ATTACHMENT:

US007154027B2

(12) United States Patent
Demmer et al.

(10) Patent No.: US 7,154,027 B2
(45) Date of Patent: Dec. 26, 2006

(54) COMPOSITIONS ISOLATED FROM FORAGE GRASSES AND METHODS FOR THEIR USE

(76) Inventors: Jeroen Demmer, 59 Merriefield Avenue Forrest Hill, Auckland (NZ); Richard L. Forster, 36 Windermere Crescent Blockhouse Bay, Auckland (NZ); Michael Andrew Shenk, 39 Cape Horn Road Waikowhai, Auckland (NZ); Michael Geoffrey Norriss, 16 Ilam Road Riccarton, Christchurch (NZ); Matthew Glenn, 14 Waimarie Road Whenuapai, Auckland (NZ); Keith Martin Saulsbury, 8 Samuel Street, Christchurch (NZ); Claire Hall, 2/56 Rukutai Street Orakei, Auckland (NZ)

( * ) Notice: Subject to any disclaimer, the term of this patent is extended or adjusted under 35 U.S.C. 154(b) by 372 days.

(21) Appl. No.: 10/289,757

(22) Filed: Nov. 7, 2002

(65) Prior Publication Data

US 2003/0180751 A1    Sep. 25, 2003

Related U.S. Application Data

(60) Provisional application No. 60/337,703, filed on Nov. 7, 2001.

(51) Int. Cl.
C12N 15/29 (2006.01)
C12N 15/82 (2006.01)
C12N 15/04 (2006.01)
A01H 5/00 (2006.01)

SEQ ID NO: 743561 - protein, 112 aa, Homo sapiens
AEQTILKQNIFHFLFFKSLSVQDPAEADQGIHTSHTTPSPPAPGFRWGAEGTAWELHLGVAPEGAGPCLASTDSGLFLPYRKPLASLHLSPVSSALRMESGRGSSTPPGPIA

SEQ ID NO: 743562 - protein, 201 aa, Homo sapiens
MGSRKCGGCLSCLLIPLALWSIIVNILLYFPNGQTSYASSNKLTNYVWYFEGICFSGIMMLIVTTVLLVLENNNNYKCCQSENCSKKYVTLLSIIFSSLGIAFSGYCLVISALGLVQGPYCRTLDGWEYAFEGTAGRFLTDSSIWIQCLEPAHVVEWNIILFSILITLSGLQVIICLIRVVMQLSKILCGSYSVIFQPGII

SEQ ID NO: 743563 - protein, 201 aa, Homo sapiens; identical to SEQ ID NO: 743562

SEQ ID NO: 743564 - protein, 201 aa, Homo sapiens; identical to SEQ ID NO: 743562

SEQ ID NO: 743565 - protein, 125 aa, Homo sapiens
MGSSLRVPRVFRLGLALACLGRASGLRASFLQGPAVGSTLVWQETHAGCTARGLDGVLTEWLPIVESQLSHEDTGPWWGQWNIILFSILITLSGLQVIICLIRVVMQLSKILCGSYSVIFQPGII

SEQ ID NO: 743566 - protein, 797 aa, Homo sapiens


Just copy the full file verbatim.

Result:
US007154027B2

(12) United States Patent
Demmer et al.

(10) Patent No.: US 7,154,027 B2
(45) Date of Patent: Dec. 26, 2006

(54) COMPOSITIONS ISOLATED FROM FORAGE GRASSES AND METHODS FOR THEIR USE

(76) Inventors: Jeroen Demmer, 59 Merriefield Avenue Forrest Hill, Auckland (NZ); Richard L. Forster, 36 Windermere Crescent Blockhouse Bay, Auckland (NZ); Michael Andrew Shenk, 39 Cape Horn Road Waikowhai, Auckland (NZ); Michael Geoffrey Norriss, 16 Ilam Road Riccarton, Christchurch (NZ); Matthew Glenn, 14 Waimarie Road Whenuapai, Auckland (NZ); Keith Martin Saulsbury, 8 Samuel Street, Christchurch (NZ); Claire Hall, 2/56 Rukutai Street Orakei, Auckland (NZ)

( * ) Notice: Subject to any disclaimer, the term of this patent is extended or adjusted under 35 U.S.C. 154(b) by 372 days.

(21) Appl. No.: 10/289,757

(22) Filed: Nov. 7, 2002

(65) Prior Publication Data

US 2003/0180751 A1    Sep. 25, 2003

Related U.S. Application Data

(60) Provisional application No. 60/337,703, filed on Nov. 7, 2001.

(51) Int. Cl.
C12N 15/29 (2006.01)
C12N 15/82 (2006.01)
C12N 15/04 (2006.01)
A01H 5/00 (2006.01)

SEQ ID NO: 743561 - protein, 112 aa, Homo sapiens
AEQTILKQNIFHFLFFKSLSVQDPAEADQGIHTSHTTPSPPAPGFRWGAEGTAWELHLGVAPEGAGPCLASTDSGLFLPYRKPLASLHLSPVSSALRMESGRGSSTPPGPIA

SEQ ID NO: 743562 - protein, 201 aa, Homo sapiens
MGSRKCGGCLSCLLIPLALWSIIVNILLYFPNGQTSYASSNKLTNYVWYFEGICFSGIMMLIVTTVLLVLENNNNYKCCQSENCSKKYVTLLSIIFSSLGIAFSGYCLVISALGLVQGPYCRTLDGWEYAFEGTAGRFLTDSSIWIQCLEPAHVVEWNIILFSILITLSGLQVIICLIRVVMQLSKILCGSYSVIFQPGII

SEQ ID NO: 743563 - protein, 201 aa, Homo sapiens; identical to SEQ ID NO: 743562

SEQ ID NO: 743564 - protein, 201 aa, Homo sapiens; identical to SEQ ID NO: 743562

SEQ ID NO: 743565 - protein, 125 aa, Homo sapiens
MGSSLRVPRVFRLGLALACLGRASGLRASFLQGPAVGSTLVWQETHAGCTARGLDGVLTEWLPIVESQLSHEDTGPWWGQWNIILFSILITLSGLQVIICLIRVVMQLSKILCGSYSVIFQPGII

SEQ ID NO: 743566 - protein, 797 aa, Homo sapiens